I read: Before I Die

This book was an impulse purchase at the airport as the title of the book intrigued me. Never did I realize that I will be reading a heart-wrenching story of a sixteen-year-old cancer patient who has a bucket list for her remaining time on earth. Knowing that her life is short-lived, Tessa pushes herself to face facts: “I have two choices – stay wrapped in blankets and die or get the list back together and get on with living.”

Affirmations for life and the importance of family, the story is heart-breaking and despite the hoplessness of the situation, it will suck you in Tessa’s life, a teenager, who discovers that life is worth living the best you can. Making a decision to say “yes” to everything is hard work, and Tessa’s story will push you to take the first step. I felt her hunger for life as she licks an ice-cream stick until “the wood rasps my tongue” and grieved with her and discovered the little pieces of life that normally go slightly unnoticed.

Tessa’s relationships and their interactions thrum with tension and tenderness, that I ached with her at the thought of losing them. In her final moments, we know that her plan worked. Desperate to live what little life she has left, she checks her list of things from her list before she dies (Losing her virginity, doing drugs, experiencing things she’ll never get to experience). For every one item crossed off meant another day alive but also another day closer to her death. Tragic but with a touch of humor, the story is fairly predictable but it will truly make your heart ache. Its simplicity also makes it feels more genuine, as if it is actually written by Tessa. It makes you think about and appreciate your own friends, your family – your very life.

As I read the spareness of Tess’ life made so by her illness, who wants to squeeze in all of life’s moments, it allowed me to enrich my time with meaning and fulfillment. It made me reflect on what’s truly important in my own life. After the story ends, it makes you want to appreciate life and encourage you to start checking off things from Oh-this-I-will-do-later list and just do it. Downham has crafted such a realistic tone that it’s hard to believe Before I Die is a work of fiction.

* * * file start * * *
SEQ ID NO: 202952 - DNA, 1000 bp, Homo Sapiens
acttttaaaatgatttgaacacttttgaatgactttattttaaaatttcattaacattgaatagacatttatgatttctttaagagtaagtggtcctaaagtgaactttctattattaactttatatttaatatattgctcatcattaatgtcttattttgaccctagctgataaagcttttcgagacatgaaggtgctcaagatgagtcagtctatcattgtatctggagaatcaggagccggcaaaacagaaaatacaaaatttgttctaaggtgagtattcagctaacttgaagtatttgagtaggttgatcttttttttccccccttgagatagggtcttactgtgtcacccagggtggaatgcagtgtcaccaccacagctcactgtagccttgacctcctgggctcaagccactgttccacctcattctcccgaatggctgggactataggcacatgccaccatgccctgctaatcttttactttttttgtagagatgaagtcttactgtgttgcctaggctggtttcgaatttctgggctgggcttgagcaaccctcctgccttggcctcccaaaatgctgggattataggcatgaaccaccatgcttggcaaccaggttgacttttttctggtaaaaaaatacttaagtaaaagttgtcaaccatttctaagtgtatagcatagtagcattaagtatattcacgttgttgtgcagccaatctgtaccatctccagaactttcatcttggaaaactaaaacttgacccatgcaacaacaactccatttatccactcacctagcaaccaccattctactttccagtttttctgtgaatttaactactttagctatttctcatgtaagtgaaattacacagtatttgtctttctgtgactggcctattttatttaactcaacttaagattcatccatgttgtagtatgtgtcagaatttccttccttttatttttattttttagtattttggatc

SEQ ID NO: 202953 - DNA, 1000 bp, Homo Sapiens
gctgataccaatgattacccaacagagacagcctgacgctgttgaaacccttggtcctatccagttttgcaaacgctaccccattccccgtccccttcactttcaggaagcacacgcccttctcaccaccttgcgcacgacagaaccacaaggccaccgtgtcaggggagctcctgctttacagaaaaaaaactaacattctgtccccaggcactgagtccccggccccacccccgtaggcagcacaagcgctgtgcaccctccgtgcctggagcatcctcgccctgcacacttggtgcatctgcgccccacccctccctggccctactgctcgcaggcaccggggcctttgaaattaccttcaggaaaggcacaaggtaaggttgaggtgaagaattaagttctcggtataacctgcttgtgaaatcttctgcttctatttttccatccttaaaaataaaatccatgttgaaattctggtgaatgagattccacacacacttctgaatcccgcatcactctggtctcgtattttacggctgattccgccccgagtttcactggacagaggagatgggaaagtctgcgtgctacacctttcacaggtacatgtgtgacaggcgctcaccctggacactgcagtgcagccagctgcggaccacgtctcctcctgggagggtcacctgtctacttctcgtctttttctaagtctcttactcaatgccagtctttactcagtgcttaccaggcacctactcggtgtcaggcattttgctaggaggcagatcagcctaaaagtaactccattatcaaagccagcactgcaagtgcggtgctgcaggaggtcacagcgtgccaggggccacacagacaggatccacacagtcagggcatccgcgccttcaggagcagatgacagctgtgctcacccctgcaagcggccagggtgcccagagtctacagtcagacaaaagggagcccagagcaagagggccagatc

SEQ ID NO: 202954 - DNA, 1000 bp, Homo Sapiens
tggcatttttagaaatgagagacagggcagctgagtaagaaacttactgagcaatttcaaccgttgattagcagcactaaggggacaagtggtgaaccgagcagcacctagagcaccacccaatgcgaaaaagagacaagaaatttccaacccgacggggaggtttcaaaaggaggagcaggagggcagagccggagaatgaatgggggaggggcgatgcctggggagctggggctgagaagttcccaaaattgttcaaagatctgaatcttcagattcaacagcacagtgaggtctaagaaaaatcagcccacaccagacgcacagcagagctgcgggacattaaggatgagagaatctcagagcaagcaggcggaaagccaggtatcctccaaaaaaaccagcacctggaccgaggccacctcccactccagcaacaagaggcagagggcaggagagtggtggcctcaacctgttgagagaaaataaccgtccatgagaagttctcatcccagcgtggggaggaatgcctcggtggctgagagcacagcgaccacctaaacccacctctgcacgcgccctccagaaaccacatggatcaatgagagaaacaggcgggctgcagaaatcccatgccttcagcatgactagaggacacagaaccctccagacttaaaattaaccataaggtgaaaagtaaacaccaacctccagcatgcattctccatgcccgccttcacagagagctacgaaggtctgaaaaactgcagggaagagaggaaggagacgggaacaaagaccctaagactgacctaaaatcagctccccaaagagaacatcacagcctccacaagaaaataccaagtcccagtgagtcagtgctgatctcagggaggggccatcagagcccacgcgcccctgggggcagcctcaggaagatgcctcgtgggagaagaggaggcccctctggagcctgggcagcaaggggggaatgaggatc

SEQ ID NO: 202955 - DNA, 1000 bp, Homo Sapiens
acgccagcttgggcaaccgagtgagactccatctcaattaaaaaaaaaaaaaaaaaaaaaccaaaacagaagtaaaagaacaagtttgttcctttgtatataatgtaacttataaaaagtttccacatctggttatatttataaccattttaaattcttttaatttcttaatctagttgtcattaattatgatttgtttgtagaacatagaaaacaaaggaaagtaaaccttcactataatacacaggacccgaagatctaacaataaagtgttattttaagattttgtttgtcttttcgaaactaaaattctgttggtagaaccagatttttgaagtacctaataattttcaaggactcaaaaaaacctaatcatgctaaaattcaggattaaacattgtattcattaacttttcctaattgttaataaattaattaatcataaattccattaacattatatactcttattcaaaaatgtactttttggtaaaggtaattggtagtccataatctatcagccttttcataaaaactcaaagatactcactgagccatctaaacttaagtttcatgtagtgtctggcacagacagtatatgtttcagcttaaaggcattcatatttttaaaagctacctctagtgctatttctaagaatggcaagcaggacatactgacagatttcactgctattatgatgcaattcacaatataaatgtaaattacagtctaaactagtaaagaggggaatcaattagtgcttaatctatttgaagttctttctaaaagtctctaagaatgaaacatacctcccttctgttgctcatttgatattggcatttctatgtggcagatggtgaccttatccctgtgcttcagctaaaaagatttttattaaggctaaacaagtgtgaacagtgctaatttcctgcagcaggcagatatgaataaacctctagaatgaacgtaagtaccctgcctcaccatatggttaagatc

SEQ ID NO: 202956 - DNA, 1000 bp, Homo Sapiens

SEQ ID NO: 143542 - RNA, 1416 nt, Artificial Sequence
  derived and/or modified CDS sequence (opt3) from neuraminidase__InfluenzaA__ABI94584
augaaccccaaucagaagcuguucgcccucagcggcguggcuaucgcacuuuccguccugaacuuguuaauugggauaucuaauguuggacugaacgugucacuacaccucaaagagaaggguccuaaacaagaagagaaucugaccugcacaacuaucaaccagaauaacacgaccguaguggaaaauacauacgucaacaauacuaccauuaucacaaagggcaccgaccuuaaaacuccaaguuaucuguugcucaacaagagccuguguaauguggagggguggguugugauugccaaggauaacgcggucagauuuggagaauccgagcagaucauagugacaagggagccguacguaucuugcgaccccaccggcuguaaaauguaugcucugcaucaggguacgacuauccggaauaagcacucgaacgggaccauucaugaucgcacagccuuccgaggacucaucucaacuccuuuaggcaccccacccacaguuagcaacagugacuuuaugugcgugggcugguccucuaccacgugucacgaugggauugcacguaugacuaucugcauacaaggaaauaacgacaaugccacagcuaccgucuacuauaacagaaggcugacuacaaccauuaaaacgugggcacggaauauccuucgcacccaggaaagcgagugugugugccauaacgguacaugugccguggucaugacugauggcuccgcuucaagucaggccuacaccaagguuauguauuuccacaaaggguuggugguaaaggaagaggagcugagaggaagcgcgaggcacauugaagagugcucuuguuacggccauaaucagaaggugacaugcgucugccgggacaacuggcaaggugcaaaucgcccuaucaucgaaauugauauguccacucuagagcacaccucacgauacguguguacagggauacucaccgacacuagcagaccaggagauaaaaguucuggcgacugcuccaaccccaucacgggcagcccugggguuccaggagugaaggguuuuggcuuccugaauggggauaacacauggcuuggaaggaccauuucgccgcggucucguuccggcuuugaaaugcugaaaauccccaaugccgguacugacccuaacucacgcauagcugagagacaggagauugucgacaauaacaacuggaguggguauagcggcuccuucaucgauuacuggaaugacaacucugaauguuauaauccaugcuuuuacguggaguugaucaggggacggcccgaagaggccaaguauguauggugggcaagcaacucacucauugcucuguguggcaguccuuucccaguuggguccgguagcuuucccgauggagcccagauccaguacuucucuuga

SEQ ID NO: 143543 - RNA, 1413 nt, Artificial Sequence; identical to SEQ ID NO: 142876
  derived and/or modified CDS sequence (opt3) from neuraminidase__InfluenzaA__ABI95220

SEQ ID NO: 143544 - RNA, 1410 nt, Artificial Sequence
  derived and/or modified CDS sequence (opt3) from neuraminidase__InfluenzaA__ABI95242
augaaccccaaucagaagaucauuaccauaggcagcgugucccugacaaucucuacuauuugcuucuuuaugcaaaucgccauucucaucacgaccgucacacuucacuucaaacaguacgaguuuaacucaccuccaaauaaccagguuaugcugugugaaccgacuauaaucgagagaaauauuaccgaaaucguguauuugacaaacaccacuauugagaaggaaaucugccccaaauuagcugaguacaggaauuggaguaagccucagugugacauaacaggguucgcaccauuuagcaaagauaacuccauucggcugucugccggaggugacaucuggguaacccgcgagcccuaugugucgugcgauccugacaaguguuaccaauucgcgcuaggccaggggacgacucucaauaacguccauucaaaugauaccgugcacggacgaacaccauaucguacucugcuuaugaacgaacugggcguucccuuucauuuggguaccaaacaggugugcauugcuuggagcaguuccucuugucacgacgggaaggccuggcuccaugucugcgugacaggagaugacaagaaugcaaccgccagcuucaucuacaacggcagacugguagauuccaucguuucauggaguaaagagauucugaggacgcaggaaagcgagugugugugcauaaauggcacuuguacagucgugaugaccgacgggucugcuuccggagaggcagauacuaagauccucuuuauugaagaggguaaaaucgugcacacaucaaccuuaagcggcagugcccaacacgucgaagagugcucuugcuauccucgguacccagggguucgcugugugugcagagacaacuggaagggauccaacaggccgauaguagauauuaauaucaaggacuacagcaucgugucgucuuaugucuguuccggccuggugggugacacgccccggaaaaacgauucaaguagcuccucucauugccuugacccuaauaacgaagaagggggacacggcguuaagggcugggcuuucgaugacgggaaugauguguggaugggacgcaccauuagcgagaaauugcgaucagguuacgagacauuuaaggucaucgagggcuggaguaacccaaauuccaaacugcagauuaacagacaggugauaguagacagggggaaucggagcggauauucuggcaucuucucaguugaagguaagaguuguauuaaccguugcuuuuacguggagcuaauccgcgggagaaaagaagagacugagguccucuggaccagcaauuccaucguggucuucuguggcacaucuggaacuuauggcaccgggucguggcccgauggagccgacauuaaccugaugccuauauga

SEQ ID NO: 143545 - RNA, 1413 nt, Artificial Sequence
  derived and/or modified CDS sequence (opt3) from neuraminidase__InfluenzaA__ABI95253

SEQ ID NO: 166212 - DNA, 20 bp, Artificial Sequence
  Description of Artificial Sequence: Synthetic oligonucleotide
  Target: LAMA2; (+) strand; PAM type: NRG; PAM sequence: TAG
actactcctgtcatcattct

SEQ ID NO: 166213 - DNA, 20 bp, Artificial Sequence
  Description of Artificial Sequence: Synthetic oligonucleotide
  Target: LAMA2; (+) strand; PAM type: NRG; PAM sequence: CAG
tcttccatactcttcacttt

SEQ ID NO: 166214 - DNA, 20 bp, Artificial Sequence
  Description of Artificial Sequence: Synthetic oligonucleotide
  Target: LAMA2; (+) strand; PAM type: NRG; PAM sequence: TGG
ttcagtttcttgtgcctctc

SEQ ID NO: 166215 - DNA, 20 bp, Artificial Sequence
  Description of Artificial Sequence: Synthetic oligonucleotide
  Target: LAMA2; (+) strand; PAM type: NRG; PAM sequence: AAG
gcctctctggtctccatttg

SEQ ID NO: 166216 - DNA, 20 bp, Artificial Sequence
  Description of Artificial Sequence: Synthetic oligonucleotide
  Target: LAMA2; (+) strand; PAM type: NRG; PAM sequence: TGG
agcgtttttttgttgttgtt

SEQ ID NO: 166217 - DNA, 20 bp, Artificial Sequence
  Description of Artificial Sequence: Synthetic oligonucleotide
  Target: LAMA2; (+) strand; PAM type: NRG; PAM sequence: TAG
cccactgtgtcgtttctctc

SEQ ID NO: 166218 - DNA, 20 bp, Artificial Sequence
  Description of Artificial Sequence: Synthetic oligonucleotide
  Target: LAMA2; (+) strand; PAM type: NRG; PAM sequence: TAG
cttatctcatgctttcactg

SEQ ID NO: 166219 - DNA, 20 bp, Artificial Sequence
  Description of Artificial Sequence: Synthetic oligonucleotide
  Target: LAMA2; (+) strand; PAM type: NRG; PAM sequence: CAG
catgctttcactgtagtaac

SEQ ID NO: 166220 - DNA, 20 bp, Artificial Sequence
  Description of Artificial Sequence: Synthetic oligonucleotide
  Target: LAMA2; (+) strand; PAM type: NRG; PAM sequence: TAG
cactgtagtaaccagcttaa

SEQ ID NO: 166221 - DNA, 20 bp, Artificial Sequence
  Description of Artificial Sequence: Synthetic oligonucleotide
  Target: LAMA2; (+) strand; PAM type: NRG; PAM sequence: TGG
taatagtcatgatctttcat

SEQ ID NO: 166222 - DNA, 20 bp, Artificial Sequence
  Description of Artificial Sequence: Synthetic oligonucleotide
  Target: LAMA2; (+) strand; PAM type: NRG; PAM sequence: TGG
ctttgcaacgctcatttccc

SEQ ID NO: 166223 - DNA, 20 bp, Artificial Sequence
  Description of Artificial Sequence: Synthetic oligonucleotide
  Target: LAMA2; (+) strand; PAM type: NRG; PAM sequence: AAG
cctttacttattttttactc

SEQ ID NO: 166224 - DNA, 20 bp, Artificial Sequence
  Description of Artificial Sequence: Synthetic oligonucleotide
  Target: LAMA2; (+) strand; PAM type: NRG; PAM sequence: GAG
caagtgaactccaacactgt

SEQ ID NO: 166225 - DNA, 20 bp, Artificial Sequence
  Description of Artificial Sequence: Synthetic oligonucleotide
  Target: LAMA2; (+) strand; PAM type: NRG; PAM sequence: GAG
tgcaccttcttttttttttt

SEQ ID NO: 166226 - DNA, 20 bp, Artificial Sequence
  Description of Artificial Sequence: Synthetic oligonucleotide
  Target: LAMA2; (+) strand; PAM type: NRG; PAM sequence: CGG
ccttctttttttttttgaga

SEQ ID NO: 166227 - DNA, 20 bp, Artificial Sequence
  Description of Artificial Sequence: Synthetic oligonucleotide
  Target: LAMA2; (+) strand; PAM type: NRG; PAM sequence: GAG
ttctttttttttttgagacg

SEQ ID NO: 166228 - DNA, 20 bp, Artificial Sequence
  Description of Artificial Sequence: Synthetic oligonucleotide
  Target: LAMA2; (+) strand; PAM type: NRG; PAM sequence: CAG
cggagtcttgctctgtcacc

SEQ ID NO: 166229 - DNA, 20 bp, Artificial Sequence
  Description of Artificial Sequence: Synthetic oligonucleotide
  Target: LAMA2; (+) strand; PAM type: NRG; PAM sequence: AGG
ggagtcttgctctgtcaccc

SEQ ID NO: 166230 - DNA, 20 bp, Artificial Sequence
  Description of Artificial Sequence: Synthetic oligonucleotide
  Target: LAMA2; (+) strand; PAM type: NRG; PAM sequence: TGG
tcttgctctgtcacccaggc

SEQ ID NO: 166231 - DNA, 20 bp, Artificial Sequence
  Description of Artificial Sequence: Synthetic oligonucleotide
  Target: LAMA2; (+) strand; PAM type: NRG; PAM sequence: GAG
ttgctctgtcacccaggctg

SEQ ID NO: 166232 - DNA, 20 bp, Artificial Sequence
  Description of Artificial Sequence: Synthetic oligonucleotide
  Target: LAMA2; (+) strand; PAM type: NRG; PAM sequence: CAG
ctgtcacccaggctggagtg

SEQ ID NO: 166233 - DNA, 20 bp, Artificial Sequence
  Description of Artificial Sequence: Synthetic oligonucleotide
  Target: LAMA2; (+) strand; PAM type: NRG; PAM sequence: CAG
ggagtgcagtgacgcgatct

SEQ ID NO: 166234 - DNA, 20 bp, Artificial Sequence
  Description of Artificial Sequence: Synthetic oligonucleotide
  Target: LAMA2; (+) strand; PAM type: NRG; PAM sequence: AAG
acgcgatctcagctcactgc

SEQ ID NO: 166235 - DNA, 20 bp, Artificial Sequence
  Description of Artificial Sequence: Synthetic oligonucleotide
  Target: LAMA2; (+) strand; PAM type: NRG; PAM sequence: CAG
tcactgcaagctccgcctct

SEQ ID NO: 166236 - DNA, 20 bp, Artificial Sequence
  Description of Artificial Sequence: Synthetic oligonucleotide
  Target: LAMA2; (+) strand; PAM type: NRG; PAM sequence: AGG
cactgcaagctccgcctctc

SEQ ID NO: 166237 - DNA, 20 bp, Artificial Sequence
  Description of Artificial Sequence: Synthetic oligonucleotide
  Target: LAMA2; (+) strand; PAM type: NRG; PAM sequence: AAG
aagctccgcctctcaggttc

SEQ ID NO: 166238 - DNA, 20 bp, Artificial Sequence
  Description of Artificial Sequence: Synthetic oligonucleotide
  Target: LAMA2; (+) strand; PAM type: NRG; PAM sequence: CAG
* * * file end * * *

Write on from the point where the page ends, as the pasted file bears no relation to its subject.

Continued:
A sad journey but now I pay attention to the goodbyes, warmth of the sun,  flavors of food that I eat, and wind blowing on my face. There really is beauty in the most simplest things in life but it took this book to open my depressed mind.
My Two Cents: Punched me in the gut with one thing which we take for granted – Life! The description on the back of the book explains it better than I could – “Uplifting, life-affirming, joyous – this extraordinary novel celebrates what it is like to be alive by confronting what it’s really like to die.” Embrace life and believe in magic in everyday life!
Categories: Books | Tags: , , , , , , , | 3 Comments

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3 thoughts on “I read: Before I Die

  1. I haven’t read this book but I read the following “Eleven Hints for Life” somewhere:

    1. It hurts to love someone and not be loved in return.
    But what is more painful is to love someone and never
    find the courage to let that person know how you feel.

    2. A sad thing in life is when you meet someone who
    means a lot to you, only to find out in the end that it was
    never meant to be and you just have to let go.

    3. The best kind of friend is the kind you can sit on a
    porch swing with, never say a word, and then walk away
    feeling like it was the best conversation you’ve ever had.

    4. It’s true that we don’t know what we’ve got until we lose
    it, but it’s also true that we don’t know what we’ve been
    missing until it arrives.

    5. It takes only a minute to get a crush on someone, an
    hour to like someone, and a day to love someone-but it
    takes a lifetime to forget someone.

    6. Don’t go for looks, they can deceive. Don’t go for wealth,
    even that fades away. Go for someone who makes you
    smile because it takes only a smile to make a dark day
    seem bright.

    7. Dream what you want to dream, go where you want to go,
    be what you want to be. Because you have only one life and
    one chance to do all the things you want to do.

    8. Always put yourself in the other’s shoes. If you feel that it
    hurts you, it probably hurts the person too.

    9. A careless word may kindle strife. A cruel word may wreck
    a life. A timely word may level stress. But a loving word may
    heal and bless.

    10. The happiest of people don’t necessarily have the best
    of everything they just make the most of everything that comes
    along their way.

    11. Love begins with a smile, grows with a kiss, ends with
    a tear. When you were born, you were crying and everyone
    around you was smiling. Live your life so that when you die,
    you’re the one smiling and everyone around you is crying.

    I believe that if these hints are followed, one can lead a happy and successful life.

  2. SouthernHon

    Sounds like my kind of book. Thanks for the review.

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